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cow WON'T breed back

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Anonymous

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I have a '94 model Angus Hereford X cow that is still open. She was synchro'd and AI'd in March of 03, and it didn't take. Ran with bulls 'till December, still open. I did see her in heat in November, but that was it. She is in great condition, good mineral program, etc. Vet checked her and said perhaps she was "cystic" and gave her a shot of GNRH (cystorelen) and lutelayce, still nothing. Would a CIDR help if the shots didn't? Or is there something else I can try? I know in all reality she should move on, but she is my favorite, and the thought of her going to kill upsets me. Thanks for any help
 

Campground Cattle

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This must be a hobby for you a cow that doesn't calf every 12 months needs to be sale barn bound. How can you justify feeding a non productive cow for a year.
 

la4angus

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Campground Cattle":594gagbl said:
This must be a hobby for you a cow that doesn't calf every 12 months needs to be sale barn bound. How can you justify feeding a non productive cow for a year.

Hobby. Favorite Pet.
 

cherokeeruby

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Since she is your pet, you could try putting her on a diet. Don't know how long it has been since she received cystorelen and lutelayce but the heat immediately following is non productive and maybe the one after that.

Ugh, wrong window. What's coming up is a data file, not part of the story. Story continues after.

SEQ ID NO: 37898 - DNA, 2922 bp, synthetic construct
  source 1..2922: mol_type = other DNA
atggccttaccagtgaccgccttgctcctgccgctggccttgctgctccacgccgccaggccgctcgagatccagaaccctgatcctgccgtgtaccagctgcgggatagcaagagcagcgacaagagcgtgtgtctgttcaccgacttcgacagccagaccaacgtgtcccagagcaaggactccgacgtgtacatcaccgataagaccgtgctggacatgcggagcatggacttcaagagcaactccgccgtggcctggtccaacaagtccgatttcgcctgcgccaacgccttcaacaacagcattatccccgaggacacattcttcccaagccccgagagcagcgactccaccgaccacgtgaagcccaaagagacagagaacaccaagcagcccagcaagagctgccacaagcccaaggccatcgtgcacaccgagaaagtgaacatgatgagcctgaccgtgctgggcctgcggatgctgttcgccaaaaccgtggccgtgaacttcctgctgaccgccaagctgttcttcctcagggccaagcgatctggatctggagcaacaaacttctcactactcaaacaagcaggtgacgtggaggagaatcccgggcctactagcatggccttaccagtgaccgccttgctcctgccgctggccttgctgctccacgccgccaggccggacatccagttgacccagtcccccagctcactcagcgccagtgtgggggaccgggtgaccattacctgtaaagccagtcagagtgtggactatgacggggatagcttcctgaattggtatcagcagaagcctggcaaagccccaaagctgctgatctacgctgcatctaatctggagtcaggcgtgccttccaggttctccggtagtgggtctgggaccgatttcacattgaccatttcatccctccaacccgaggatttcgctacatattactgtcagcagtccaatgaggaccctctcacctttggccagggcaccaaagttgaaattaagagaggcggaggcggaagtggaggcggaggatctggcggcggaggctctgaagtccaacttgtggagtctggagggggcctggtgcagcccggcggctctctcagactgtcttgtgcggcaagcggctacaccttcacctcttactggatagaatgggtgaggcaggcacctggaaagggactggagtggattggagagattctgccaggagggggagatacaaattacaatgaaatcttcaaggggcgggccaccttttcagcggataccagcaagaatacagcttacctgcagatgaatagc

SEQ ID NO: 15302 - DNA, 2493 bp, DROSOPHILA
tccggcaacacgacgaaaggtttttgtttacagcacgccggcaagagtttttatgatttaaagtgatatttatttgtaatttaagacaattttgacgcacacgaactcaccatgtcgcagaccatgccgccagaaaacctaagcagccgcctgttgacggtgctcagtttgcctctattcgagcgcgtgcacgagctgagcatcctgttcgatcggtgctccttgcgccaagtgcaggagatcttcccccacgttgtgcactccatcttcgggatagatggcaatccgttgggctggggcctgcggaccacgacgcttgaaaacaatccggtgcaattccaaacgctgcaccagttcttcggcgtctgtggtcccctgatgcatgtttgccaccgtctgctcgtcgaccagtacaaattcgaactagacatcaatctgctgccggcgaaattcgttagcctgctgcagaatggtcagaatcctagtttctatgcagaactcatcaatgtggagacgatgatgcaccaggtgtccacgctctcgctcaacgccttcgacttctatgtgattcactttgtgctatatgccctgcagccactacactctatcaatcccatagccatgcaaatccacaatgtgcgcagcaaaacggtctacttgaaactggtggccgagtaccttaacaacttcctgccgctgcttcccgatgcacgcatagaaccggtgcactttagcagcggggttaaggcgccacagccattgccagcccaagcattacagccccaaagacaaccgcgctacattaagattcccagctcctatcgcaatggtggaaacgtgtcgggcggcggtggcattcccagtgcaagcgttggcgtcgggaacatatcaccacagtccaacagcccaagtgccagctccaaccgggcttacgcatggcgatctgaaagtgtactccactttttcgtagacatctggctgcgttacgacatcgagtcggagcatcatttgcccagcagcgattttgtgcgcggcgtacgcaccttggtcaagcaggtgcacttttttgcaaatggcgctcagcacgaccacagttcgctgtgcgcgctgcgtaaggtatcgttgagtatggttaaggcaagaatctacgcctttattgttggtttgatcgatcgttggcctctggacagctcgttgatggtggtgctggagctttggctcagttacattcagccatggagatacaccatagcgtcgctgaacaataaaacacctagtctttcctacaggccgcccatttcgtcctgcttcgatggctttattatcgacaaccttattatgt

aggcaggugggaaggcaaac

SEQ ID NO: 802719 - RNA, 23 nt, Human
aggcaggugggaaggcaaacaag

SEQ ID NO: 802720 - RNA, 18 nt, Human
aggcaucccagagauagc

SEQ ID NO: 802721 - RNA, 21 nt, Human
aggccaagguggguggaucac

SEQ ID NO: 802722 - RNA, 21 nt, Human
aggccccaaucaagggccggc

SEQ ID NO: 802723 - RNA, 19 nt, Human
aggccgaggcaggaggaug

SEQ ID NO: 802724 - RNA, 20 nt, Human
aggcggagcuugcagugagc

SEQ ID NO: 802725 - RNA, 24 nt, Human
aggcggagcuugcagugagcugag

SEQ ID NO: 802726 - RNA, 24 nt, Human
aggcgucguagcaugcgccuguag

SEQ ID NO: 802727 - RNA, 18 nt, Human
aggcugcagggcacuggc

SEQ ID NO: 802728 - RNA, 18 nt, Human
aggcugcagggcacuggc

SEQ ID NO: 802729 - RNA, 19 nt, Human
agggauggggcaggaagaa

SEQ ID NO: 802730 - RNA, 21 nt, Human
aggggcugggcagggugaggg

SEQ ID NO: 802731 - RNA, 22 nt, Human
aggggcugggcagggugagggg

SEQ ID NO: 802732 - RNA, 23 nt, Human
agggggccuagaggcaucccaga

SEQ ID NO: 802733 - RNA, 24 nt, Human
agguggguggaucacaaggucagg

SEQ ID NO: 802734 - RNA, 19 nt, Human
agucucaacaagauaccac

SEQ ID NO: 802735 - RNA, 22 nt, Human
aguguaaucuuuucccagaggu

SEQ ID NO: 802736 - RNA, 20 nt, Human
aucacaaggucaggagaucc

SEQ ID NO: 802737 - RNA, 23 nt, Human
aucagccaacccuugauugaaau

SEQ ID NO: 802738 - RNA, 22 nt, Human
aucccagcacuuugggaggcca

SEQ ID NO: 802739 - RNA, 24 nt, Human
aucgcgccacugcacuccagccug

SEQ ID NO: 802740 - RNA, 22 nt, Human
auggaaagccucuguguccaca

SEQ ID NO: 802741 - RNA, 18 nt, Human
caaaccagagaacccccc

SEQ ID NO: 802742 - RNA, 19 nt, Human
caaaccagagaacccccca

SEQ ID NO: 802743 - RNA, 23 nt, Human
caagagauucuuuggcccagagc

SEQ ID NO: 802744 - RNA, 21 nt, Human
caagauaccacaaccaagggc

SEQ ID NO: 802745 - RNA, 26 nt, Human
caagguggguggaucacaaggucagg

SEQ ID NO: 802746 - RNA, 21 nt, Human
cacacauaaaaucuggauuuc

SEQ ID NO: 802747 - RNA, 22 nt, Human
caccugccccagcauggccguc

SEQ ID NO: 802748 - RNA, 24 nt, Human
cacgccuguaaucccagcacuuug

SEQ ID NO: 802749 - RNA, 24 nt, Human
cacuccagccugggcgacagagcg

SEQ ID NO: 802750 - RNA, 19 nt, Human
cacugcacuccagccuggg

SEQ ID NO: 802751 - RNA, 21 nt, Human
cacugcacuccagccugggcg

Has she started showing any masculine traits. Don't know how to describe the look but an older barren cow sometimes starts looking masculine. If so there is no hope.

Dee":2y3nm1rs said:
I have a '94 model Angus Hereford X cow that is still open. She was synchro'd and AI'd in March of 03, and it didn't take. Ran with bulls 'till December, still open. I did see her in heat in November, but that was it. She is in great condition, good mineral program, etc. Vet checked her and said perhaps she was "cystic" and gave her a shot of GNRH (cystorelen) and lutelayce, still nothing. Would a CIDR help if the shots didn't? Or is there something else I can try? I know in all reality she should move on, but she is my favorite, and the thought of her going to kill upsets me. Thanks for any help
 
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Anonymous

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Dee":2a0bpb6o said:
I have a '94 model Angus Hereford X cow that is still open. She was synchro'd and AI'd in March of 03, and it didn't take. Ran with bulls 'till December, still open. I did see her in heat in November, but that was it. She is in great condition, good mineral program, etc. Vet checked her and said perhaps she was "cystic" and gave her a shot of GNRH (cystorelen) and lutelayce, still nothing. Would a CIDR help if the shots didn't? Or is there something else I can try? I know in all reality she should move on, but she is my favorite, and the thought of her going to kill upsets me. Thanks for any help

Sorry to say but she is dried up. She is ten years old and aging....just like women when they reach their 40's....their reproductive organs starts to wear down..... Time for her to grow wheels...whether she is a pet or not....keeping a non-producing cow can become expensive real fast!
 

YoungBlood

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So can keeping a non productive human, but people do that everyday. At any rate what is the typical production life of a cow, and at what age should you start expecting problems?